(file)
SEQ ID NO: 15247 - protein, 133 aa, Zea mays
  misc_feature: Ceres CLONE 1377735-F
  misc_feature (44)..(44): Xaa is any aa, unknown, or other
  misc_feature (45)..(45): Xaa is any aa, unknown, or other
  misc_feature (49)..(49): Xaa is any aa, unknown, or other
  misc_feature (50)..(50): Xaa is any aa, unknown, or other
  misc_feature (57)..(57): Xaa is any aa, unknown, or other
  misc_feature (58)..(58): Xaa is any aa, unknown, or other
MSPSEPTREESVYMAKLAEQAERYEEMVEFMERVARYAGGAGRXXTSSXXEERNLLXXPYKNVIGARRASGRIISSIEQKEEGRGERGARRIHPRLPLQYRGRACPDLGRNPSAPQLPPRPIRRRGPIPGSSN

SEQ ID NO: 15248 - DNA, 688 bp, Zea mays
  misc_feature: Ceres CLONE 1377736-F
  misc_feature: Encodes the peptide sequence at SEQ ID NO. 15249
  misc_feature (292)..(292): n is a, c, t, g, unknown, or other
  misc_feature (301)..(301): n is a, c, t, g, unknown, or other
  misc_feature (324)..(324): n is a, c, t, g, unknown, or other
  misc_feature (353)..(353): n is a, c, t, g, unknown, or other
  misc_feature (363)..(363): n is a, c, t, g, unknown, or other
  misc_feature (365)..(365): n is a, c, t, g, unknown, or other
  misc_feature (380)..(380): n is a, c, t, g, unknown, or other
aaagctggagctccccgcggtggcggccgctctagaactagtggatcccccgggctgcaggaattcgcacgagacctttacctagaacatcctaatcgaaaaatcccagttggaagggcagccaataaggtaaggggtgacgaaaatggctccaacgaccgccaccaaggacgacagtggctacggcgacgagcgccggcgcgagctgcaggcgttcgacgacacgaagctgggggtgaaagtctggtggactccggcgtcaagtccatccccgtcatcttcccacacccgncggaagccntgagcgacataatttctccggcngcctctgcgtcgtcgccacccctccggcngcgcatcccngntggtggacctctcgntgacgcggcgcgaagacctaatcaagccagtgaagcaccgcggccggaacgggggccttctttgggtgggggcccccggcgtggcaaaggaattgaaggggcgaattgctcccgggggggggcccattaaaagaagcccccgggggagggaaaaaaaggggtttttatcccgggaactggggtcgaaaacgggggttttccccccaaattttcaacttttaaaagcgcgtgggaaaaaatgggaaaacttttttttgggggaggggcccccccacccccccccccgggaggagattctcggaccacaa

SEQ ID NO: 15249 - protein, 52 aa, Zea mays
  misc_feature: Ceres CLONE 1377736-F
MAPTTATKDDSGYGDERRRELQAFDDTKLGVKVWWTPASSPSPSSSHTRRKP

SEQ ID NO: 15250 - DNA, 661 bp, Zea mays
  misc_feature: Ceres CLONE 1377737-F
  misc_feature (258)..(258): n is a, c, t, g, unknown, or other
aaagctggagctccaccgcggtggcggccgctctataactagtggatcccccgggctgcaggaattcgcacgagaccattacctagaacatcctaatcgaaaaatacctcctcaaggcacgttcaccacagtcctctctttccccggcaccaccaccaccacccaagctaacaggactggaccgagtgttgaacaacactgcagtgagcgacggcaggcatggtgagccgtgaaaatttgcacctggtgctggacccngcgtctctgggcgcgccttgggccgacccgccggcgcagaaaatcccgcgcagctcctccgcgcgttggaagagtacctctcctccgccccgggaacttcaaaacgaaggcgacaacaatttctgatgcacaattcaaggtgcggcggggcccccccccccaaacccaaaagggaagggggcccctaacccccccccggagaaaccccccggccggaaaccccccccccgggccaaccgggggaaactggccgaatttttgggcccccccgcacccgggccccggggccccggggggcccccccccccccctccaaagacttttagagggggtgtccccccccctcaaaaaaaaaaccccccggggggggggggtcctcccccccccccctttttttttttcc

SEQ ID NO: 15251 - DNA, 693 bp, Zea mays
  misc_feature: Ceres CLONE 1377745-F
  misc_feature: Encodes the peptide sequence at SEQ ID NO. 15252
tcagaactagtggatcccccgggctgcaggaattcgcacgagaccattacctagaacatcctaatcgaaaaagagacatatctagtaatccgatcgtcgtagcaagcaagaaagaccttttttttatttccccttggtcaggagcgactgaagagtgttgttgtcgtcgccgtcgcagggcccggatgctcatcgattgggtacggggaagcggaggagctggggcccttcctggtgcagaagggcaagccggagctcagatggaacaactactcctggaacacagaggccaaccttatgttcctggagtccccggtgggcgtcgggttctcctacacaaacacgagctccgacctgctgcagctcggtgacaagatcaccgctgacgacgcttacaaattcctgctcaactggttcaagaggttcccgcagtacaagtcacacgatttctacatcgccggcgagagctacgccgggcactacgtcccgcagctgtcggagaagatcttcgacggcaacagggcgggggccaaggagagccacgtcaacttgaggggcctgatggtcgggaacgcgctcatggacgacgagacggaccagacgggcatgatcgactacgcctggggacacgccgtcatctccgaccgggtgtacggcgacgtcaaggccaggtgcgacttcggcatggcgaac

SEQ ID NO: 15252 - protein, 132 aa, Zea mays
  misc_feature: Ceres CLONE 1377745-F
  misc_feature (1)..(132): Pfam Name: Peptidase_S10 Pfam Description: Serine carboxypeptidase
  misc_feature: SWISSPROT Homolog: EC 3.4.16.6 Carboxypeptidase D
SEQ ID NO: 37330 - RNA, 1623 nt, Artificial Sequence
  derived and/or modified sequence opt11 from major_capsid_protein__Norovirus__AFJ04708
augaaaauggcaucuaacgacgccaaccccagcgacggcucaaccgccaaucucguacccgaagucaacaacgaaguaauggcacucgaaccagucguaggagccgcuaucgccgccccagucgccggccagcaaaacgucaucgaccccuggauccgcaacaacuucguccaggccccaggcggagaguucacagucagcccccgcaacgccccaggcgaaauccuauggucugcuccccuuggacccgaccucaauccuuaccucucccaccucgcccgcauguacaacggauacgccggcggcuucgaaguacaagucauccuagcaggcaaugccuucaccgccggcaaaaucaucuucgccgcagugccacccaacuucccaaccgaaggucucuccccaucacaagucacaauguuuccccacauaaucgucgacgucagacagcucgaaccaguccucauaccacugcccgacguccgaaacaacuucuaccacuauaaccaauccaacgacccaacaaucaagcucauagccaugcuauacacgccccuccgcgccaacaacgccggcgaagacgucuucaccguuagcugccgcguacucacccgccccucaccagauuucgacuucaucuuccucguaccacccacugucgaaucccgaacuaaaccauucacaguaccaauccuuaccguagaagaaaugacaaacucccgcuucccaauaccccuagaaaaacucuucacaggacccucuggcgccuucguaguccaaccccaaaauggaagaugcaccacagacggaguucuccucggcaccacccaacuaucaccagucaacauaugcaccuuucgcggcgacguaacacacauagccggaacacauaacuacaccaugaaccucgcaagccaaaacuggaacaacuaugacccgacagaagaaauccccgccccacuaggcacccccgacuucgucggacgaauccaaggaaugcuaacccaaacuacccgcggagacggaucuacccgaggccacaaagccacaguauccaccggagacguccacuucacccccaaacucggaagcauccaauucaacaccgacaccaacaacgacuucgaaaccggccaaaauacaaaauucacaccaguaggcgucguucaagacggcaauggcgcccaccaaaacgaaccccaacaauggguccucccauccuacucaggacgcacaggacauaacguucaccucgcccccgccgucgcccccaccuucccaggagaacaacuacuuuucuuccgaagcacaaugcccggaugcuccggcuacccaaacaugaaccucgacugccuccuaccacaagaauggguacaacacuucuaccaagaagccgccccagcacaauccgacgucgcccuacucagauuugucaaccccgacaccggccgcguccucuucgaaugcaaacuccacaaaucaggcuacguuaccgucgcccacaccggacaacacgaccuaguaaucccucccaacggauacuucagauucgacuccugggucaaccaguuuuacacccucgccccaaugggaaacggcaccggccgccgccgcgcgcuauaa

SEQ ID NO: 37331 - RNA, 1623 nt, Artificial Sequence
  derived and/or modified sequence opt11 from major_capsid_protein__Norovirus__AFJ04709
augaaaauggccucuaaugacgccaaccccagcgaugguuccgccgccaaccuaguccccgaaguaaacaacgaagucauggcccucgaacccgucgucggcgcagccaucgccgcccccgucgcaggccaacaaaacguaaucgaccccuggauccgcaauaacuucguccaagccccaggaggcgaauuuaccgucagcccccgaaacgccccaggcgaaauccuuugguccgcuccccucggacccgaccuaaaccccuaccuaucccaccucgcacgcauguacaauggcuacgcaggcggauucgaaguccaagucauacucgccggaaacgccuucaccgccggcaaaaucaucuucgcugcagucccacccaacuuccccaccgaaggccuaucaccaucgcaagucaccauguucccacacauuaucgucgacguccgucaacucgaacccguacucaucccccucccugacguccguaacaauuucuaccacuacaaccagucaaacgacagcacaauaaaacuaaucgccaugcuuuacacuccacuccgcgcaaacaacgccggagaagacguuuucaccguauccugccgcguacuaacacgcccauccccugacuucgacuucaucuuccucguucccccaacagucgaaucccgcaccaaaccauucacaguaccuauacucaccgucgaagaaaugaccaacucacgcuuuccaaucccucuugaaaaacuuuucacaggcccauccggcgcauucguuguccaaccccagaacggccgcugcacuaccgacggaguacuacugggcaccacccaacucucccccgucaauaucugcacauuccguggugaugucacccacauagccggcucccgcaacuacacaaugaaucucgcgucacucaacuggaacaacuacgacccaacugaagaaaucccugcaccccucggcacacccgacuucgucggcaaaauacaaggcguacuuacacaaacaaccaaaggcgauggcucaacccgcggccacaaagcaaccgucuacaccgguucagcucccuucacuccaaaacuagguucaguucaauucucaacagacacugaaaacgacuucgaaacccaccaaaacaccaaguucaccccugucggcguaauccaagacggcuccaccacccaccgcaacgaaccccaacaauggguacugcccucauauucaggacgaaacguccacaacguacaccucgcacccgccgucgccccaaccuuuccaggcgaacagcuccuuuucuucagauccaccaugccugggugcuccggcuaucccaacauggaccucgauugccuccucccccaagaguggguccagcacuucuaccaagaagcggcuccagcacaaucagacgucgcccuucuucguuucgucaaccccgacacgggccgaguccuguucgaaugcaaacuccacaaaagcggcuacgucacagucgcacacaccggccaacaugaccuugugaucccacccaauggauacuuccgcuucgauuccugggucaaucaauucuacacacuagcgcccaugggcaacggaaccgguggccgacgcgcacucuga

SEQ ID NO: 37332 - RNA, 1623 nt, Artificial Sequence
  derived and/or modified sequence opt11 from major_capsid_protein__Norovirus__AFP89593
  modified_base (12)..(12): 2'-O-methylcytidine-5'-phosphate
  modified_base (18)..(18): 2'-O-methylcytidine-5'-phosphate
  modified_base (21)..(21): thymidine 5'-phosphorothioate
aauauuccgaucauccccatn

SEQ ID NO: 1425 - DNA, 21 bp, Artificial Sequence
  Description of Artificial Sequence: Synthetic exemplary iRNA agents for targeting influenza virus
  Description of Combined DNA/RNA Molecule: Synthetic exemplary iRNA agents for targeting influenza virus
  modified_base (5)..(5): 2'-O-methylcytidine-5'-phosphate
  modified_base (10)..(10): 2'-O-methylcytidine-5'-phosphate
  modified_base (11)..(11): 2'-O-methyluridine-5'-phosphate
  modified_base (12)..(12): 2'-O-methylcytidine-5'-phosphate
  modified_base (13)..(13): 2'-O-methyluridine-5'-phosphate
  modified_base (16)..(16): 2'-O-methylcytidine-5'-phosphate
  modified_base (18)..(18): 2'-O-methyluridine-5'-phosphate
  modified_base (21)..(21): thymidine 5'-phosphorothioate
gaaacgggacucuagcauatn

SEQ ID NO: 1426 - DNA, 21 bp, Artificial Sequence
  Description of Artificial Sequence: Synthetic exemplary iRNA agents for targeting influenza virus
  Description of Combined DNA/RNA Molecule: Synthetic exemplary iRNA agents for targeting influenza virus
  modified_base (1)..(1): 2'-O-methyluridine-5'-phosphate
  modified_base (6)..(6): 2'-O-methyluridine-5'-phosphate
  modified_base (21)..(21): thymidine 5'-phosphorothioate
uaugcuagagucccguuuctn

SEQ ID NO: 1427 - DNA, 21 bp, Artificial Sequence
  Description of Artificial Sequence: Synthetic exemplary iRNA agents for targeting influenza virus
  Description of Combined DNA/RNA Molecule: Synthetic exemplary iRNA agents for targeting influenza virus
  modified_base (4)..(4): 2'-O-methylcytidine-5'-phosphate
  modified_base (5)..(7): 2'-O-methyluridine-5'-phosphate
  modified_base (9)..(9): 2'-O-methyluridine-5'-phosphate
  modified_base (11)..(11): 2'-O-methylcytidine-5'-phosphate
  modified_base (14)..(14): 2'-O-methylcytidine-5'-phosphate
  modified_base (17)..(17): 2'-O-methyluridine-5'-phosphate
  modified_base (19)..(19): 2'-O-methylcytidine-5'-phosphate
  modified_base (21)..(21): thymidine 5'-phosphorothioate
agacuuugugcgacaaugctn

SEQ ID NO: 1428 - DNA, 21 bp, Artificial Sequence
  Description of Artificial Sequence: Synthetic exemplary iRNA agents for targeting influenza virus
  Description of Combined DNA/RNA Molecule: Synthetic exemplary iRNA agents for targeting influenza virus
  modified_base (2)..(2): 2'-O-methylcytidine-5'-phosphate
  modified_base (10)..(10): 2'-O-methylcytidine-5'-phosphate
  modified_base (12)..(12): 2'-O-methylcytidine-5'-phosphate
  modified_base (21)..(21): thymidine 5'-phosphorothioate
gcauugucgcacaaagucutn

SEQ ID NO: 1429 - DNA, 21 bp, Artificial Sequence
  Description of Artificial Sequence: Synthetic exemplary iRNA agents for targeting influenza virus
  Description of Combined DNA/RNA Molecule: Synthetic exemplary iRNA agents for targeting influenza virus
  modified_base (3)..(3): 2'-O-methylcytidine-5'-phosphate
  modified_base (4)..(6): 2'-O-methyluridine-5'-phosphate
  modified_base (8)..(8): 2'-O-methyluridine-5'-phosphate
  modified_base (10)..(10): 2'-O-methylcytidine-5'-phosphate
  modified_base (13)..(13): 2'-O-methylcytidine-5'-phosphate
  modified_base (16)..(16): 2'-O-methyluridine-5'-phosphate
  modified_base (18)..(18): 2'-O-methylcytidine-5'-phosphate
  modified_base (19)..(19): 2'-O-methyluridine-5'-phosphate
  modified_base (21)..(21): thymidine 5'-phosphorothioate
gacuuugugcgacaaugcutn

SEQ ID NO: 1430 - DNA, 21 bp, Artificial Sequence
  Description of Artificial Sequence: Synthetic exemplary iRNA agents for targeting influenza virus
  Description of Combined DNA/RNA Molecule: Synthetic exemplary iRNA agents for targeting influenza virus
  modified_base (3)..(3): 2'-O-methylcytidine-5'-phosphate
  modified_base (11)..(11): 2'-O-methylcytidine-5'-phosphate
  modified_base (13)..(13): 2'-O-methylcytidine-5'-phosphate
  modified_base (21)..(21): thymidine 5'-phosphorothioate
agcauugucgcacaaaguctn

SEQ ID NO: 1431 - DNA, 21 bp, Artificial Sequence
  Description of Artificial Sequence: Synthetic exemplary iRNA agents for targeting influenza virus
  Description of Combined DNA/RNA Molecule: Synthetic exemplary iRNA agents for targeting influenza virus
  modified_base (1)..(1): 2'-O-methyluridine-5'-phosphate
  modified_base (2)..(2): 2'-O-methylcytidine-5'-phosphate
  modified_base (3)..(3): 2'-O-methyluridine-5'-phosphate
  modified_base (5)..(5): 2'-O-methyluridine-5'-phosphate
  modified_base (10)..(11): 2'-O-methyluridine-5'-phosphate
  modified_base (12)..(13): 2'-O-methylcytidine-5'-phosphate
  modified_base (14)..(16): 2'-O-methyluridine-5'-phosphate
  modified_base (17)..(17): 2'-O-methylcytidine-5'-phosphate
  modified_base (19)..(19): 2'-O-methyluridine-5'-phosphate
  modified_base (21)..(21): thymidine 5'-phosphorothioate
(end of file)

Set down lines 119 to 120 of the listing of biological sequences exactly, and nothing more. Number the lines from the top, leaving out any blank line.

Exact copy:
  modified_base (19)..(19): 2'-O-methyluridine-5'-phosphate
  modified_base (21)..(21): thymidine 5'-phosphorothioate